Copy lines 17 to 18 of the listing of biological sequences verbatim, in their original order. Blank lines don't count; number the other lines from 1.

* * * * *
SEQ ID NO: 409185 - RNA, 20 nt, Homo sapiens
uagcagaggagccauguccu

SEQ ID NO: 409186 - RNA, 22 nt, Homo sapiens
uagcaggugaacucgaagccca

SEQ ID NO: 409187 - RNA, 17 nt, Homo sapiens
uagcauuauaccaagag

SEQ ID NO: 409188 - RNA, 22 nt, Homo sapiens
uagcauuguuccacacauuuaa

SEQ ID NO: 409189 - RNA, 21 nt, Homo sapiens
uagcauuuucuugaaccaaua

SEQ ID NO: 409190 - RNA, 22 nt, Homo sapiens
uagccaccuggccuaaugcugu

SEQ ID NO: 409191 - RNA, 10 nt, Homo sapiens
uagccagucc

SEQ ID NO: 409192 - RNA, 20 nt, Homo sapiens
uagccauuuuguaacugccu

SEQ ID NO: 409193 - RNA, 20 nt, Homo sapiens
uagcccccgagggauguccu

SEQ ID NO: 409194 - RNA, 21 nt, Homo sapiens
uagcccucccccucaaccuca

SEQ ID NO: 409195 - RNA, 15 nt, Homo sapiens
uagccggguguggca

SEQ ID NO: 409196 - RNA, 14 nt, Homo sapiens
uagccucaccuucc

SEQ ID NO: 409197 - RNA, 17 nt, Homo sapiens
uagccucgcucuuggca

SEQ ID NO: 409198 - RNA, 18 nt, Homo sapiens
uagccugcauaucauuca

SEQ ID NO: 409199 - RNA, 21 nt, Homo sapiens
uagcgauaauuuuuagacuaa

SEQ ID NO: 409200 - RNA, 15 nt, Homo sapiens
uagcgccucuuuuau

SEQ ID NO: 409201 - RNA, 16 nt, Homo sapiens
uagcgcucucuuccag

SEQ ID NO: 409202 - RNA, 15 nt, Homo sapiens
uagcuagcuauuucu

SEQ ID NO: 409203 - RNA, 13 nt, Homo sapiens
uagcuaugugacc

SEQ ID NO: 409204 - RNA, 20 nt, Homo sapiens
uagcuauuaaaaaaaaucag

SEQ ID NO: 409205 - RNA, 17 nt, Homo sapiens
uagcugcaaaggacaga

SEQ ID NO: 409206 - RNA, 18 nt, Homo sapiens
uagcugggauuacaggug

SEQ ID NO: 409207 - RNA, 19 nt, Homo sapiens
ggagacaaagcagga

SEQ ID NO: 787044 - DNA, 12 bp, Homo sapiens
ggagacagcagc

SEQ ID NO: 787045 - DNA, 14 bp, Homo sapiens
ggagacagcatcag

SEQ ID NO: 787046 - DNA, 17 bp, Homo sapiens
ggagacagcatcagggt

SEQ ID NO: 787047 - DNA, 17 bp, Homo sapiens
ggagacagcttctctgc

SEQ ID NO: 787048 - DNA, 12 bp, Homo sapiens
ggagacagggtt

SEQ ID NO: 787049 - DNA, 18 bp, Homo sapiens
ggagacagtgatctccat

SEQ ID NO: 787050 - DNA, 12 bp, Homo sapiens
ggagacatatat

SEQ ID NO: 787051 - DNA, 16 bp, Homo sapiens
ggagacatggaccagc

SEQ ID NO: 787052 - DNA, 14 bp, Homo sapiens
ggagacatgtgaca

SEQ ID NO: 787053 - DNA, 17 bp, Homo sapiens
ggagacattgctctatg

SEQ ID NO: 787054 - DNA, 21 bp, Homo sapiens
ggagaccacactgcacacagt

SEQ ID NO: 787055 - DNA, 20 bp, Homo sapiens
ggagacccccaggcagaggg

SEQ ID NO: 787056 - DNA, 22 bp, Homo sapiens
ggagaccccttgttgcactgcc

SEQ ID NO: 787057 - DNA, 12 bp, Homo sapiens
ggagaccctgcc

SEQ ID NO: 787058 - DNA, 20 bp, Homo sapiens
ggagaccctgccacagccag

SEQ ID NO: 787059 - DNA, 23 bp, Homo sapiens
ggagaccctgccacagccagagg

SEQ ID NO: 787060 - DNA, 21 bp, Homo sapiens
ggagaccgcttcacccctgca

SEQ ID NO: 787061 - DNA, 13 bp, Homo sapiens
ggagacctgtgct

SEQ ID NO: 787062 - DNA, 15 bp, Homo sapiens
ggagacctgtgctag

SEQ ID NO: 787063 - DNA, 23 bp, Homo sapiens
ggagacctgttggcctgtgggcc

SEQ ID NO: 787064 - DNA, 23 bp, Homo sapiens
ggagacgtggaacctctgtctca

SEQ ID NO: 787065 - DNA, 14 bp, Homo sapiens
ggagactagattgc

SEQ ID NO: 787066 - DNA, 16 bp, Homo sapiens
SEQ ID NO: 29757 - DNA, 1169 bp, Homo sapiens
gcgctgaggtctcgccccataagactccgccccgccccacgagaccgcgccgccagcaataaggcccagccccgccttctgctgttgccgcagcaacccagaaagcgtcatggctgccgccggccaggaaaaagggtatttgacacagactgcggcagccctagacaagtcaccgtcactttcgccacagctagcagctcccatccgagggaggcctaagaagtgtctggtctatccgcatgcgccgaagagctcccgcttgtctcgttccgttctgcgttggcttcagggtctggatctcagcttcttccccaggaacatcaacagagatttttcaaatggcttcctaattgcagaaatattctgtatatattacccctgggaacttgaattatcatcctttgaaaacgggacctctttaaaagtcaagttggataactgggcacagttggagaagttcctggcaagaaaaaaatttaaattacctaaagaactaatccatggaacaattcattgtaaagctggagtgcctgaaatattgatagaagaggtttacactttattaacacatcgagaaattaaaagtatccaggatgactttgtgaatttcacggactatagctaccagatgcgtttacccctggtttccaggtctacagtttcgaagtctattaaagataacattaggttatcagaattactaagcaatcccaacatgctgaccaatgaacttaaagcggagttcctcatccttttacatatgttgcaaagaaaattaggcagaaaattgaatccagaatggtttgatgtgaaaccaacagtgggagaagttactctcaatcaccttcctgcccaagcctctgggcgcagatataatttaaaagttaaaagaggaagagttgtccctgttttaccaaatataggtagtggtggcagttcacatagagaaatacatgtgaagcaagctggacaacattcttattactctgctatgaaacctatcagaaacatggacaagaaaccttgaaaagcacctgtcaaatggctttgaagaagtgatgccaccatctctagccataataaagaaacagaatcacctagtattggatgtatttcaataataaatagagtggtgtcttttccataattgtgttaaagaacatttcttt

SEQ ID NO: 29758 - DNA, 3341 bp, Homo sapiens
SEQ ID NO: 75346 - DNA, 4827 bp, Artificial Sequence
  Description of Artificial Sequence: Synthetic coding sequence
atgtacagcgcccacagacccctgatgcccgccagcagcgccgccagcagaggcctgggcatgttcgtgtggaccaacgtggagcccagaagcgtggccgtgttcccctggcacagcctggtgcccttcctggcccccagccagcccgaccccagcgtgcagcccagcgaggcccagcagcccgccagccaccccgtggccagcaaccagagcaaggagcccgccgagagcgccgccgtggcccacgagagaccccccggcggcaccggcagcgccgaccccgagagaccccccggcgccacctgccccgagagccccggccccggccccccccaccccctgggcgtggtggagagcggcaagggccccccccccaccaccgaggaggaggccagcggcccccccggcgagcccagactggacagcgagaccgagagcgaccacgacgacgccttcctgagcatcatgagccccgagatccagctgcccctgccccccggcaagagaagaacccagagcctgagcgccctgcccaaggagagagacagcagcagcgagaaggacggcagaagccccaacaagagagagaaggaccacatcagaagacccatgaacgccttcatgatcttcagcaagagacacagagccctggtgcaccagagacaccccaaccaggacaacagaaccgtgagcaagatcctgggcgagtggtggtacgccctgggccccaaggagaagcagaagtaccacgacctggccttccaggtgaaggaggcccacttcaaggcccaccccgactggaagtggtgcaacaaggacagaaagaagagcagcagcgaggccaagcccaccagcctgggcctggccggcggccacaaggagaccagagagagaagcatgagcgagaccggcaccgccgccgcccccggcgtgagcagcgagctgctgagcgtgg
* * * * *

SEQ ID NO: 409193 - RNA, 20 nt, Homo sapiens
uagcccccgagggauguccu